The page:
Mathieu Boulègue

Nota: Este archivo abarca los artículos publicados por el autor desde el 1 de Marzo de 2008. Para fechas anteriores realice una búsqueda entrecomillando su nombre.

In over a year since President Zelenskyy embarked on his diplomatic effort to ‘end war with Russia’, there have been some steps forward in releasing prisoners of war and a short-lived ceasefire period. But few have any illusions peace is likely in the near future.

Vladimir Putin’s statement in June that ex-Soviet republics had left the USSR ‘with gifts from the Russian people’ – meaning they had gained supposedly ‘Russian’ lands – shows he has no intention of changing Russia’s policy of revisionism and disruption.

And Russia’s recent engagement in Belarus, which could see Minsk losing sovereignty as the result of any bargain Lukashenka may have struck with Putin to stay in power, further endangers Ukraine’s northern border.…  Seguir leyendo »

Russia's President, Vladimir Putin, during a video link with cosmonauts on the International Space Station (ISS). Photo: Getty Images.

Days before the publication of last week’s report into Russian activity in the UK, and the subsequent call from several UK parliamentarians for a swift response to the ‘Russian threat’, Russia tested a new anti-satellite weapon capability releasing a small projectile from its Kosmos-2543 sub-satellite.

Kosmos-2543, a small satellite contained inside a larger satellite, Kosmos-2542, and ‘birthed’ into orbit in late 2019, recently came under scrutiny in January 2020 when it was reportedly caught ‘buzzing’ US spy satellites in Low Earth Orbit.

By releasing a small projectile from the Kosmos-2543 sub-satellite, the US claims that Russia has launched a new projectile into orbit with relatively high speed – estimated at around 500 km per hour – leading to concerns about the potential of Russia to develop this technology as a weapon to target foreign satellites.…  Seguir leyendo »

Young woman wearing a face mask in front of St. Basil's Cathedral, Moscow. Photo by ALEXANDER NEMENOV/AFP via Getty Images.

Persistent internet rumours claiming the coronavirus outbreak originated from a secret American pharmaceutical company with the aim of destroying China from within were quickly discredited. Pop culture fans recognised the supposed activities of the Umbrella Corporation as being from the famous Japanese video games series Resident Evil.

However, although fake news, it can likely be attributed to Russian trolls conducting this and other similar activities online, especially when considered within the wider context of how the Russian regime is using this worldwide crisis to further destabilize the West and test its resolve.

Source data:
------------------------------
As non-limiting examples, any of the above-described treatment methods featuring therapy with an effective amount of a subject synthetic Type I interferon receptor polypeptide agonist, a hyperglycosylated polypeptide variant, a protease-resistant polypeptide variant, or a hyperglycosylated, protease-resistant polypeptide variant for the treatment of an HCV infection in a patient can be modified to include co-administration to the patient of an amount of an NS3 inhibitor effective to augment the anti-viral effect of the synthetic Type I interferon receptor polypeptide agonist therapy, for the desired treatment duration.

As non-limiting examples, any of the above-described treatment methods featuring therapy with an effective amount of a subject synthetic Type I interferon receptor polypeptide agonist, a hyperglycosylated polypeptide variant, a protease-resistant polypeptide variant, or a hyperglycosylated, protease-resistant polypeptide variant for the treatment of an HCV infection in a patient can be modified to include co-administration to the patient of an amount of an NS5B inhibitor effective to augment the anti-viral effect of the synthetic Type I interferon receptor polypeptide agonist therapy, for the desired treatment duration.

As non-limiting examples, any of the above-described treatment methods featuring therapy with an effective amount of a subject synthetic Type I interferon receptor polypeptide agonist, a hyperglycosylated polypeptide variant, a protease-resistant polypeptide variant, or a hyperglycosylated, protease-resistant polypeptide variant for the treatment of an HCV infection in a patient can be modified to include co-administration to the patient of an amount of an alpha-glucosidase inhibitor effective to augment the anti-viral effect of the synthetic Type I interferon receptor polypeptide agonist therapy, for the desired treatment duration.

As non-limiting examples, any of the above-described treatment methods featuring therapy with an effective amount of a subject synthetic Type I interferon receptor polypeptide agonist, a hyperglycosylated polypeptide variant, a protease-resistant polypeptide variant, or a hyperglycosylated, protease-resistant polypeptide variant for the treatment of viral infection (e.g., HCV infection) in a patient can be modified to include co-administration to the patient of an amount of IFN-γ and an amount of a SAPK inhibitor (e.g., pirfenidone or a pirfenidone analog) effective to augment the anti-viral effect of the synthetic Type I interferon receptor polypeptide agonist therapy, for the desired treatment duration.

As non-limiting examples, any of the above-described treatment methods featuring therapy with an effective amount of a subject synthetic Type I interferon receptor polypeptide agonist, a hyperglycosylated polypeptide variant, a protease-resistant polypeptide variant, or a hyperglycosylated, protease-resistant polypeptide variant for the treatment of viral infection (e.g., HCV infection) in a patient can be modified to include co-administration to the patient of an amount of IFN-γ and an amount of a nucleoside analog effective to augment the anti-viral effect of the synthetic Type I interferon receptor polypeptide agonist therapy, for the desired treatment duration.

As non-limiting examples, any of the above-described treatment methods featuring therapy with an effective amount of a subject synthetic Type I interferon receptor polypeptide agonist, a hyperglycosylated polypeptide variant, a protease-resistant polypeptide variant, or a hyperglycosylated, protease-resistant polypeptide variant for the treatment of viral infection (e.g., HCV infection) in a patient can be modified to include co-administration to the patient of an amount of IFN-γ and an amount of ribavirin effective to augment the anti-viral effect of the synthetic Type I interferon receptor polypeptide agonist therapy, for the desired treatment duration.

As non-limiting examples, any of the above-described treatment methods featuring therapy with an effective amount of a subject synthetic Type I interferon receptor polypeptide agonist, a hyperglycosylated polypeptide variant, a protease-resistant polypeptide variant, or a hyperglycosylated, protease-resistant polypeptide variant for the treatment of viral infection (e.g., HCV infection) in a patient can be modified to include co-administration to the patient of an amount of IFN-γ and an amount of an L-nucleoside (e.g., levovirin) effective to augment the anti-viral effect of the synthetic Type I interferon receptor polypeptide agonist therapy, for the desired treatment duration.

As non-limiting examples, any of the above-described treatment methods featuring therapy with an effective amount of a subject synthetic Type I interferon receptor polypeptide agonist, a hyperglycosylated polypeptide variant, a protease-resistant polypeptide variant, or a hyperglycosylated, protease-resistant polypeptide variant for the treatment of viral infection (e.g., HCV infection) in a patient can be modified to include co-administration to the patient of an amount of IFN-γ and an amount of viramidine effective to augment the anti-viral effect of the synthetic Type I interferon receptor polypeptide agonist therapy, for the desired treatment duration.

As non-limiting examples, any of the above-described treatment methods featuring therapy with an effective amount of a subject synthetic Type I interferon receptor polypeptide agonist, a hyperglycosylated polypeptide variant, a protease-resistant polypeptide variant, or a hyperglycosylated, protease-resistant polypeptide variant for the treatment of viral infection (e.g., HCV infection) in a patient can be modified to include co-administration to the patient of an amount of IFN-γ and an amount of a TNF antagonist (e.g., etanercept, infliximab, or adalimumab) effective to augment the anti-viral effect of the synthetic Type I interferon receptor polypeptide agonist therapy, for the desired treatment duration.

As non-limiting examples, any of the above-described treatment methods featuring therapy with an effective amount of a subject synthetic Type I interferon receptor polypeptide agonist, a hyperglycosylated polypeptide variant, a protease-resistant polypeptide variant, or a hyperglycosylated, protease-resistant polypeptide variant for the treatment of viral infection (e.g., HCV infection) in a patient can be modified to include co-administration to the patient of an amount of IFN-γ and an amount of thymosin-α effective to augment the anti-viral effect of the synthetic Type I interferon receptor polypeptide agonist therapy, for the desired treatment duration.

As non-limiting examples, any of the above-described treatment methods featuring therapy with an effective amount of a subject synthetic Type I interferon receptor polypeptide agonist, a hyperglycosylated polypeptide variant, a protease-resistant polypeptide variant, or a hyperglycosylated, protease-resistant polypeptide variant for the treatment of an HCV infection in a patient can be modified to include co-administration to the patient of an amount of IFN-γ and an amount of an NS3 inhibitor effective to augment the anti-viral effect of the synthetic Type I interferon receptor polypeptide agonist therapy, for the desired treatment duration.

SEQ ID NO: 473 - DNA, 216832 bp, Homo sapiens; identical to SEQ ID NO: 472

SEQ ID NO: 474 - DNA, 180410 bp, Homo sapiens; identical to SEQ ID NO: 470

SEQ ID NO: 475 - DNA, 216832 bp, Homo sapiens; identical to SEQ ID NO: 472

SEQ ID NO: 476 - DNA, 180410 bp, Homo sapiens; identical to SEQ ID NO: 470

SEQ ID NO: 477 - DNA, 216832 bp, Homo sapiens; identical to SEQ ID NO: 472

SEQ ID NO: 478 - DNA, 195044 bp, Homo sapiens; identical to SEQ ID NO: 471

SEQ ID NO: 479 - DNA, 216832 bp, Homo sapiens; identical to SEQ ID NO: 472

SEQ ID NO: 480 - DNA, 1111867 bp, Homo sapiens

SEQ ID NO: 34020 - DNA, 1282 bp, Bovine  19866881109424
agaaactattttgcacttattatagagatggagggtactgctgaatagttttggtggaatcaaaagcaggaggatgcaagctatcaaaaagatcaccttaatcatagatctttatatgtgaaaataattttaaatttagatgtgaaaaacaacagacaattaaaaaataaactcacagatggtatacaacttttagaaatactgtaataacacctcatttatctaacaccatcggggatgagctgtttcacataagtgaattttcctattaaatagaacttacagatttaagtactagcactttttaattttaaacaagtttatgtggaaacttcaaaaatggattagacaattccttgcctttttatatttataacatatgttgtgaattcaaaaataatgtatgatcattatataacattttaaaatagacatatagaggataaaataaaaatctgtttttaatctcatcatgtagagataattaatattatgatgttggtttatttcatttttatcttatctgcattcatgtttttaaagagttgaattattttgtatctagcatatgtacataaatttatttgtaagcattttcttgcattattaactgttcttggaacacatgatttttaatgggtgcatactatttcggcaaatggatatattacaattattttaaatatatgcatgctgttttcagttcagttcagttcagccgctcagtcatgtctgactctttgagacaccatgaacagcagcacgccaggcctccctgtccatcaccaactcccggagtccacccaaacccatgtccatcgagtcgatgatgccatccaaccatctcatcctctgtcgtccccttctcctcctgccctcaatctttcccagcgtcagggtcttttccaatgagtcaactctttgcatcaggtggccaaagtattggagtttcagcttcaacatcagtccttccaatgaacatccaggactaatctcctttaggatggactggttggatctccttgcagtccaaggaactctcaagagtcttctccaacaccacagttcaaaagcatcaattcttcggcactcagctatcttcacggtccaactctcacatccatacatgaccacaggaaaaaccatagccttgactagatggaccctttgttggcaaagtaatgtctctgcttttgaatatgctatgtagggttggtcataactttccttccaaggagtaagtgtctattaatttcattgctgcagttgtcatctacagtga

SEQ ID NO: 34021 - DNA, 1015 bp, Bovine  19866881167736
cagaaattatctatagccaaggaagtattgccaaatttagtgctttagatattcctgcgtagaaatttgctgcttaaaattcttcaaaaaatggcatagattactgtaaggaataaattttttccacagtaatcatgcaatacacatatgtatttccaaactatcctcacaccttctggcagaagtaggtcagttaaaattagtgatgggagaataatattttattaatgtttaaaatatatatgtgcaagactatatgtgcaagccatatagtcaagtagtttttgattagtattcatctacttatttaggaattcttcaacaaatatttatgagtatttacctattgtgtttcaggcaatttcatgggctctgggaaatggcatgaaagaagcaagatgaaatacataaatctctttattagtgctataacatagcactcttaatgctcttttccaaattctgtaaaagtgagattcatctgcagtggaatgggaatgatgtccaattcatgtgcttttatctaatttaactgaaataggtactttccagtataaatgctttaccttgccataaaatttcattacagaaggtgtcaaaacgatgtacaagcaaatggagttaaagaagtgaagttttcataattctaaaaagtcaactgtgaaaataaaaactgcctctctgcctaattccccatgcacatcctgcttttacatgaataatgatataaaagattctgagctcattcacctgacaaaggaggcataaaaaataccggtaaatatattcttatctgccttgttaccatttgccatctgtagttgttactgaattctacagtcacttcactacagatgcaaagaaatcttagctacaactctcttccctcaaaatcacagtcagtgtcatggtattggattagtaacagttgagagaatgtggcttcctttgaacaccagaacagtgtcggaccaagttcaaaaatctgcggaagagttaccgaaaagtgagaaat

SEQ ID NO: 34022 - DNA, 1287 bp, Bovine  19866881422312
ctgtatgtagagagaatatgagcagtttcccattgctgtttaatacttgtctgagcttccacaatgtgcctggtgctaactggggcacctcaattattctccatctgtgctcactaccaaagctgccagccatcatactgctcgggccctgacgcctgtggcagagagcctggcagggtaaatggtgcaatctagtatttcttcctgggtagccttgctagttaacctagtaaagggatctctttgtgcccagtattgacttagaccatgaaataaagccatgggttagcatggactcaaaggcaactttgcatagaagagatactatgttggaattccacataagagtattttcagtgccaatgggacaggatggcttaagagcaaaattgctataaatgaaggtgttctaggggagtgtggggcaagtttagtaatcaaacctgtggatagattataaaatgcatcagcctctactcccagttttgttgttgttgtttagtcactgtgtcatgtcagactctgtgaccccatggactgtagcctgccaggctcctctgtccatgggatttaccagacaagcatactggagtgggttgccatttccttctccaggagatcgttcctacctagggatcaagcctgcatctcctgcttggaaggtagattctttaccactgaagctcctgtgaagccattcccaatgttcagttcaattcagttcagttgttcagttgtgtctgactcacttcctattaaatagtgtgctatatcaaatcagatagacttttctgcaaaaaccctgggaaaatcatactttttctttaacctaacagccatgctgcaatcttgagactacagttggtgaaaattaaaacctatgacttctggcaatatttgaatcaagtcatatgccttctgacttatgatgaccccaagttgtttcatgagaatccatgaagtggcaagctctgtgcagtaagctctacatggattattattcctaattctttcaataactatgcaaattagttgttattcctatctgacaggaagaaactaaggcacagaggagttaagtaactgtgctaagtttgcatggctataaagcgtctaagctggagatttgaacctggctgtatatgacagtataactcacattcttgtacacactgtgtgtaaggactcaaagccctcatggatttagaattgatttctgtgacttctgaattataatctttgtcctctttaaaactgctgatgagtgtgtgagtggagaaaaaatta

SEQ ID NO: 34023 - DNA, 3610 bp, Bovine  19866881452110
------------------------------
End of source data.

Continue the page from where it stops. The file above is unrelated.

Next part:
Russian trolls never sleep

Russia’s COVID-19 related actions first and foremost take the form of a vast information warfare campaign, with media outlets simultaneously downplaying the threat of the pandemic – ‘it is less dangerous than seasonal flu’ – while stoking fear about what is happening elsewhere in Europe.…  Seguir leyendo »

Emmanuel Macron and Vladimir Putin during a meeting at the Fort de Bregancon, a summer residence of the president of France. Photo by Alexei Druzhinin\TASS via Getty Images.

There is no world leader with a more contradictory attitude toward Russia than Emmanuel Macron.

The French president was ostensibly the ‘least apologist’ candidate of those running in the first round of the 2017 elections. Compared to the Russian-funded Marine Le Pen on one end of the spectrum, and the radical leftist Jean-Luc Mélenchon on the other, Macron seemed a model of moderation.

To the Kremlin, he must have been perceived as the least desirable candidate for its interests, which is why they hacked the servers of his party, En Marche, just prior to the vote in a last-ditch attempt to derail the campaign.…  Seguir leyendo »

On 14 April, General Curtis Scaparrotti, the outgoing Supreme Allied Commander Europe (SACEUR) of NATO Allied Command Operations General, deplored the broken communication process with Russia and a lack of understanding of “each other’s signals”. Immediately afterwards, Russian Deputy Foreign Minister Alexander Grushko denounced the current deadlock with NATO, claiming cooperation had been discontinued and disagreements with the Atlantic Alliance were now “even deeper than before”.

Relations between NATO and the Kremlin have reached a dangerously abrasive stage, as the existing threat-reduction arrangements and confidence-building mechanisms with Russia are not working. Russia and NATO are talking past each other and substantive dialogue is not possible under current conditions.…  Seguir leyendo »

Seized Ukrainian military vessels in the port of Kerch on 26 November. Photo: Getty Images.